One of the mysteries of the English language finally explained.
1A slow, stately Spanish dance in triple time.
- ‘She appears again in another story, ‘The Comet’, where ‘In a faraway square the mad Tluja, driven to despair by the nagging of small boys, would dance her wild saraband, lifting high her skirt to the amusement of the crowd.’’
- ‘In France, the dance became slower and more stately, as did the sarabande on its removal to France from Spain.’
- ‘The Boada solo, with epaulement, hand on the hip, shoulder thrust slightly forward as part of the de rigueur presentation of a sarabande, is wonderfully elegant; Boada provided a restraint quite distinct from his ebullient Basilio.’
- ‘A sarabande is a two-person dance, popular in the 17th and 18th centuries, and Bergman structures his film around 10 two-person conversations which gradually move closer and closer to the characters - sometimes closer than we would like.’
- 1.1 A piece of music written for the saraband.
- ‘Much of it is in dance forms, such as the sarabande, the courante, the menuet, and the gigue - another innovation in French chamber music of that era.’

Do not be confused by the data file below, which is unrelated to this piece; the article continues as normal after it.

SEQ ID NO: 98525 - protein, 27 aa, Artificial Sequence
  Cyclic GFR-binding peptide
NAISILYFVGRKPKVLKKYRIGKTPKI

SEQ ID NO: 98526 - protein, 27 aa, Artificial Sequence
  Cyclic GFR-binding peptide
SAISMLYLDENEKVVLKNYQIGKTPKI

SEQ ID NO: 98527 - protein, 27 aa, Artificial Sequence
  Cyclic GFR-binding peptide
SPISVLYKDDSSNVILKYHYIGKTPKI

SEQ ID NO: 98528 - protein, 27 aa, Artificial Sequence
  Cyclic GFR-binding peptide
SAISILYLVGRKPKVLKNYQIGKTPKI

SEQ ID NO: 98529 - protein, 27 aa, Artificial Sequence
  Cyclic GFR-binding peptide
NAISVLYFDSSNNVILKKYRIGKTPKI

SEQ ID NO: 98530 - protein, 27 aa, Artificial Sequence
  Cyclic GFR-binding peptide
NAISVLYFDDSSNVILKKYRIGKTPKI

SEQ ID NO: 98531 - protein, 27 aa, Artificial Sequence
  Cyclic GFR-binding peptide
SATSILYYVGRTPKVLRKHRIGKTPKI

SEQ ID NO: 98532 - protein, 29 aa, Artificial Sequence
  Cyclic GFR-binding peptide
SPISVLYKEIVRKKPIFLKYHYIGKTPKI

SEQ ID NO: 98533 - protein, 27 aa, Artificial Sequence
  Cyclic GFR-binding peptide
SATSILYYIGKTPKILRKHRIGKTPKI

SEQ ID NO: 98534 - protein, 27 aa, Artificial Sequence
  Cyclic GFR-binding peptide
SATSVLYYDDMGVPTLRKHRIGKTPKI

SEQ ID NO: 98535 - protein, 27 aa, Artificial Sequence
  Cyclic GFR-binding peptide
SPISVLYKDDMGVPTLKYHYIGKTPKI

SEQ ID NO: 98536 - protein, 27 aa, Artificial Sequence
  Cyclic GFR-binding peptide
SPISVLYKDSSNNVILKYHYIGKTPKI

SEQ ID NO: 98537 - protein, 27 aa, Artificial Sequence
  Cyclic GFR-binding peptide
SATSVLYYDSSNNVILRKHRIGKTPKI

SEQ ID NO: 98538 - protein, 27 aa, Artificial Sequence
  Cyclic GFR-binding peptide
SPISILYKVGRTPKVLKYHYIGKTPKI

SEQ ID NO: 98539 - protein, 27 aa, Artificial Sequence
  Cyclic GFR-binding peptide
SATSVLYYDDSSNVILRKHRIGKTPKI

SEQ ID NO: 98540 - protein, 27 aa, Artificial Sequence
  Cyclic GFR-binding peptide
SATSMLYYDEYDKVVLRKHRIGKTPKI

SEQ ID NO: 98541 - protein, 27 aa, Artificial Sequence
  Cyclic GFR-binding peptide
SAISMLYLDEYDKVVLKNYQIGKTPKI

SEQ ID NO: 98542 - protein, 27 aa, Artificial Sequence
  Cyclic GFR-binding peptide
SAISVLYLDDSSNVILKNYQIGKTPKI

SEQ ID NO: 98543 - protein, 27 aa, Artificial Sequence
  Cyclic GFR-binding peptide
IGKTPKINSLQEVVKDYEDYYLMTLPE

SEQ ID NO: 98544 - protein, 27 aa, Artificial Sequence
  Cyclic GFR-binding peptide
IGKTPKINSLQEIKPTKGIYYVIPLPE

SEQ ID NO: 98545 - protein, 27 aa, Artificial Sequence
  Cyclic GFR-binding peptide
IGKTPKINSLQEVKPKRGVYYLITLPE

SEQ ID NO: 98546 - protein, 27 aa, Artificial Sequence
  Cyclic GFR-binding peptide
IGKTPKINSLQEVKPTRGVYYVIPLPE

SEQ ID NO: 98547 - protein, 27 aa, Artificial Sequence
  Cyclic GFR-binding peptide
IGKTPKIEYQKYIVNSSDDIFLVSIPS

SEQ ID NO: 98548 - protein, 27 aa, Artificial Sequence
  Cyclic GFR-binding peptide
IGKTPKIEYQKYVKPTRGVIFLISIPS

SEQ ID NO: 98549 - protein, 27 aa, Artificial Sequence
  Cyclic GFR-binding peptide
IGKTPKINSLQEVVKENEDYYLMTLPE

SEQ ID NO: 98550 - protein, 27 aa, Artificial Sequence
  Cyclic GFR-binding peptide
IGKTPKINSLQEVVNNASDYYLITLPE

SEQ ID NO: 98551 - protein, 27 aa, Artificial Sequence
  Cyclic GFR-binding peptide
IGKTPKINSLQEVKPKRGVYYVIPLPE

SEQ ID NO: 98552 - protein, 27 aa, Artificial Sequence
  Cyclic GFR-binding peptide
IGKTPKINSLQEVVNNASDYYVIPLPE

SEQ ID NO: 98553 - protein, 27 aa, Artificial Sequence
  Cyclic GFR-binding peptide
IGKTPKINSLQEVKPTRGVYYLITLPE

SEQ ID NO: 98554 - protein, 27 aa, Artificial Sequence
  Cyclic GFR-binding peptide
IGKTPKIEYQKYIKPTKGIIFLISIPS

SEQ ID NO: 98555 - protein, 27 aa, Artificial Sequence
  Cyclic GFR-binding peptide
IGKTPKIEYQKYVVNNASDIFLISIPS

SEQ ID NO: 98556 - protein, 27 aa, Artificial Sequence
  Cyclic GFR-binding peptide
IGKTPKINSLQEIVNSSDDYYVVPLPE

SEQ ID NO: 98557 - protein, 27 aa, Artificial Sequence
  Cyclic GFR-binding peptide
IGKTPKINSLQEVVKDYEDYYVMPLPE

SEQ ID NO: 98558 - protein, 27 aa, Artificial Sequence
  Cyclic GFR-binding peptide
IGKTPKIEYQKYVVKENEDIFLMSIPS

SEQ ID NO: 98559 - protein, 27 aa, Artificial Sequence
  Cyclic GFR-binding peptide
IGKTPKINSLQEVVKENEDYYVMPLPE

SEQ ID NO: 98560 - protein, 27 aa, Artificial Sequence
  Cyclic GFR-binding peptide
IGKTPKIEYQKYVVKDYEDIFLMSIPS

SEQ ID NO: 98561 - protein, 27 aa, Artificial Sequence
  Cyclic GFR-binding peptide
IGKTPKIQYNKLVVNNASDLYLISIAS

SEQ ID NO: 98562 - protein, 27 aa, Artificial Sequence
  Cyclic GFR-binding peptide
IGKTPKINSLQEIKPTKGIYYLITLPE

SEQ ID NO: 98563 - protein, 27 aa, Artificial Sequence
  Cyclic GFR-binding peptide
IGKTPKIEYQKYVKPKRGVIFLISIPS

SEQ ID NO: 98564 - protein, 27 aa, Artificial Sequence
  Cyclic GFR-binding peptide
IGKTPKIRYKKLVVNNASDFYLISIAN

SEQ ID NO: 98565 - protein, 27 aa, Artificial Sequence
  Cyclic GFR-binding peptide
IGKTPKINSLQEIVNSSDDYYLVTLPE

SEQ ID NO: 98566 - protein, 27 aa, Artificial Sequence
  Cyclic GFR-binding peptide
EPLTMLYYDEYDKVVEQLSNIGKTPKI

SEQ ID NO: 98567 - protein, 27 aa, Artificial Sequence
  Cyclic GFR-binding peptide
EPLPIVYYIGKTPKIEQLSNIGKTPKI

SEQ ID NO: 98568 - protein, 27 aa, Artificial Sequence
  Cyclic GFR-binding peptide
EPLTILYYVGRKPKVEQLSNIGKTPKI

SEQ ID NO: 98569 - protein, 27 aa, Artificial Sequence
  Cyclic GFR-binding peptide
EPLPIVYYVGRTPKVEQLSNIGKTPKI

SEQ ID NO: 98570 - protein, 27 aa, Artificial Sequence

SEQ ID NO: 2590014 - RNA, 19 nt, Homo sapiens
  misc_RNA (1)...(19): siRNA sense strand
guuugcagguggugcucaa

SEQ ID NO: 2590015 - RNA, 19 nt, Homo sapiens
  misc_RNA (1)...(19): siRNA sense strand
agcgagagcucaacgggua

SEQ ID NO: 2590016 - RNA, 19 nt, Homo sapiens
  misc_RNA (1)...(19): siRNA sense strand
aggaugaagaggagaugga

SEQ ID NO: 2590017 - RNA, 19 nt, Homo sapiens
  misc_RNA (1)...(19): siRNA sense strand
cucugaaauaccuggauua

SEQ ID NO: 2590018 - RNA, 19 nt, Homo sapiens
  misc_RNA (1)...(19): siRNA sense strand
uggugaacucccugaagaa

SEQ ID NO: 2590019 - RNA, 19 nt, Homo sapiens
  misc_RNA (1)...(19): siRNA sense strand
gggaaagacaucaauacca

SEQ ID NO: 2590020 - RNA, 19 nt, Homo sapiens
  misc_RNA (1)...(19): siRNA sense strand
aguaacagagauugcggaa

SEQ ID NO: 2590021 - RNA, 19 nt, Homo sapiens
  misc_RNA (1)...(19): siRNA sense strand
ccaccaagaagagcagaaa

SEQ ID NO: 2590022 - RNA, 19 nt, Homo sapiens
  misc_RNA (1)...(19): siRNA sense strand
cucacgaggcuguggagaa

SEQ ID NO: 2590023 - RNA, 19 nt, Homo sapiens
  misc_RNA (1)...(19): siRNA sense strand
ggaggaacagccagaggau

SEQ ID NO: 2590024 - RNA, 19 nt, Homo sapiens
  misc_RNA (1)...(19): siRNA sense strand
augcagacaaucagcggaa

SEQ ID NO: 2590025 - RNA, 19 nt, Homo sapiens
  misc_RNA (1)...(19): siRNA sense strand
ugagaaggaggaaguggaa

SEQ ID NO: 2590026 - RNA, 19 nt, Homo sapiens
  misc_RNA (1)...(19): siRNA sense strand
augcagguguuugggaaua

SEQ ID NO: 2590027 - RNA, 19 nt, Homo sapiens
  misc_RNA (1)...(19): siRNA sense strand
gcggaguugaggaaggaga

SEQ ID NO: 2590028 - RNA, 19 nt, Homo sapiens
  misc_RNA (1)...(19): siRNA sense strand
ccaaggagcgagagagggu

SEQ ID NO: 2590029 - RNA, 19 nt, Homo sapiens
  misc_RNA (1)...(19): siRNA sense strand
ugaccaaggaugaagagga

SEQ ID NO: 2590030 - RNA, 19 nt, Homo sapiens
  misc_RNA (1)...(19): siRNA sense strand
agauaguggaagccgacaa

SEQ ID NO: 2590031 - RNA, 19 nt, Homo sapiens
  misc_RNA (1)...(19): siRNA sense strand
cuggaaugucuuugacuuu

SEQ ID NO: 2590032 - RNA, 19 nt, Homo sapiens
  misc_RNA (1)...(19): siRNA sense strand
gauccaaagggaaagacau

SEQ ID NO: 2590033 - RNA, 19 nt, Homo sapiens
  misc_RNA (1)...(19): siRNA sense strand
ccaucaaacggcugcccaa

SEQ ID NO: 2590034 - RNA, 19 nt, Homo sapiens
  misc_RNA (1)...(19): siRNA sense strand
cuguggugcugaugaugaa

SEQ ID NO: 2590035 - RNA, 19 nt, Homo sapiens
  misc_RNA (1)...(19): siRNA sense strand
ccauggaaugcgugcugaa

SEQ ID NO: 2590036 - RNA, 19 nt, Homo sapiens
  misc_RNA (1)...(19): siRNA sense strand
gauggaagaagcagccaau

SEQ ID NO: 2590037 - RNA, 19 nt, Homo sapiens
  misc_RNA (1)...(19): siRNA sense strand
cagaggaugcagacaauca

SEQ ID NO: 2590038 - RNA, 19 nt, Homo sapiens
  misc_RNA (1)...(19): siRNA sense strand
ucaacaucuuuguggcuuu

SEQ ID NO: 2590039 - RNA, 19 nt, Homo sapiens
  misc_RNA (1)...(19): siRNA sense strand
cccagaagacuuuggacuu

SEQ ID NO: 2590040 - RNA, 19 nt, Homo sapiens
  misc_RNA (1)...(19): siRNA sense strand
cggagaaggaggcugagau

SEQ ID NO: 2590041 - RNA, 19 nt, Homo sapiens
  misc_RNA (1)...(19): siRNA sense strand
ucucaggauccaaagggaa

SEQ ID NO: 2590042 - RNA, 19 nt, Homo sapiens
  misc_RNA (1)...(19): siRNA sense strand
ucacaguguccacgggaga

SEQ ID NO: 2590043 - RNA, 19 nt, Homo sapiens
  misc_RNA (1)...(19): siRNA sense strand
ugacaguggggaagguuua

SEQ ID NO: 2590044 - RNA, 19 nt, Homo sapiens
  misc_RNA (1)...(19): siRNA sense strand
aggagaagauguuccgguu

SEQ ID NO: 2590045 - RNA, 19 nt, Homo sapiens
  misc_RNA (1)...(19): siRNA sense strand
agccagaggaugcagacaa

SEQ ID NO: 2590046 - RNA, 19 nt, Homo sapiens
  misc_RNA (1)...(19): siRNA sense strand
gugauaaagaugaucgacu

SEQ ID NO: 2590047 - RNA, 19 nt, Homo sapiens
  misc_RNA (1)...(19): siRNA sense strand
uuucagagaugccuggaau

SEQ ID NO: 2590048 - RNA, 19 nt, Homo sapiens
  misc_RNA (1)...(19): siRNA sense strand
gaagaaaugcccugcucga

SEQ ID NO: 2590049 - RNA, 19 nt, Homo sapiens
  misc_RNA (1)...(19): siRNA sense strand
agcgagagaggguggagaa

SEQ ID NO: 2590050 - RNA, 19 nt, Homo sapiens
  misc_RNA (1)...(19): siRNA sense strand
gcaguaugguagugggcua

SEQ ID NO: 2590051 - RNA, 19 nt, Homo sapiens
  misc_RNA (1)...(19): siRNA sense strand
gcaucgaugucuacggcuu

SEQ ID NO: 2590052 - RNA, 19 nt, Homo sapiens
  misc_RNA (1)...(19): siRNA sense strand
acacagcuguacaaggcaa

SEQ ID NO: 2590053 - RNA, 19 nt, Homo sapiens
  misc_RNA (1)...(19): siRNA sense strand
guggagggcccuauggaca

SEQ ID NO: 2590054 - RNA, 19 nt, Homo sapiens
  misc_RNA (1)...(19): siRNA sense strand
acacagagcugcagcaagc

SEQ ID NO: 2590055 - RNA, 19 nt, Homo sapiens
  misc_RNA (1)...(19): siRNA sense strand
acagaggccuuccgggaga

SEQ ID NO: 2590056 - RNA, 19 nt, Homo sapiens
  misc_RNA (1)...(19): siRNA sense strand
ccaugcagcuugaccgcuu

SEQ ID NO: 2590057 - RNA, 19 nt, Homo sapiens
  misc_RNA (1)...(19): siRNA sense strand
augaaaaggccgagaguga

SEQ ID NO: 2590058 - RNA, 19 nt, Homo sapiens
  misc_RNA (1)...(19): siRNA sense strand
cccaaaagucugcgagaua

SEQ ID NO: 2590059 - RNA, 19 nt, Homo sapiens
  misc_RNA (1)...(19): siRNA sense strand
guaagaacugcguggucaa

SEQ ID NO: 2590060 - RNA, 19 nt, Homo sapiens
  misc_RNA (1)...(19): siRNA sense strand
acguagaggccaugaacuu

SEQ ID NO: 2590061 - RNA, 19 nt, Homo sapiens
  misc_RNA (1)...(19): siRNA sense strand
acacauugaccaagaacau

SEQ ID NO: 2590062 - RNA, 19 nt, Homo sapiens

- ‘In reality, Variation 26 is nothing more than a sarabande with ornamental triplet 16 ths, which implies not an extremely fast tempo and loud volume, but rather a slow to moderate tempo and a more delicate and expressive performance.’
- ‘Because its tempo is that of a sarabande, it actually is much less difficult than most performers think.’
- ‘It was the most satisfying sarabande of the concert.’
- ‘His concertos are made up of strings of juxtaposed contrasting movements (between four and six per concerto) and you sense that he could go on adding more gigues, sarabandes and gavottes without damaging the overall structure.’
Early 17th century: from French sarabande, from Spanish and Italian zarabanda.
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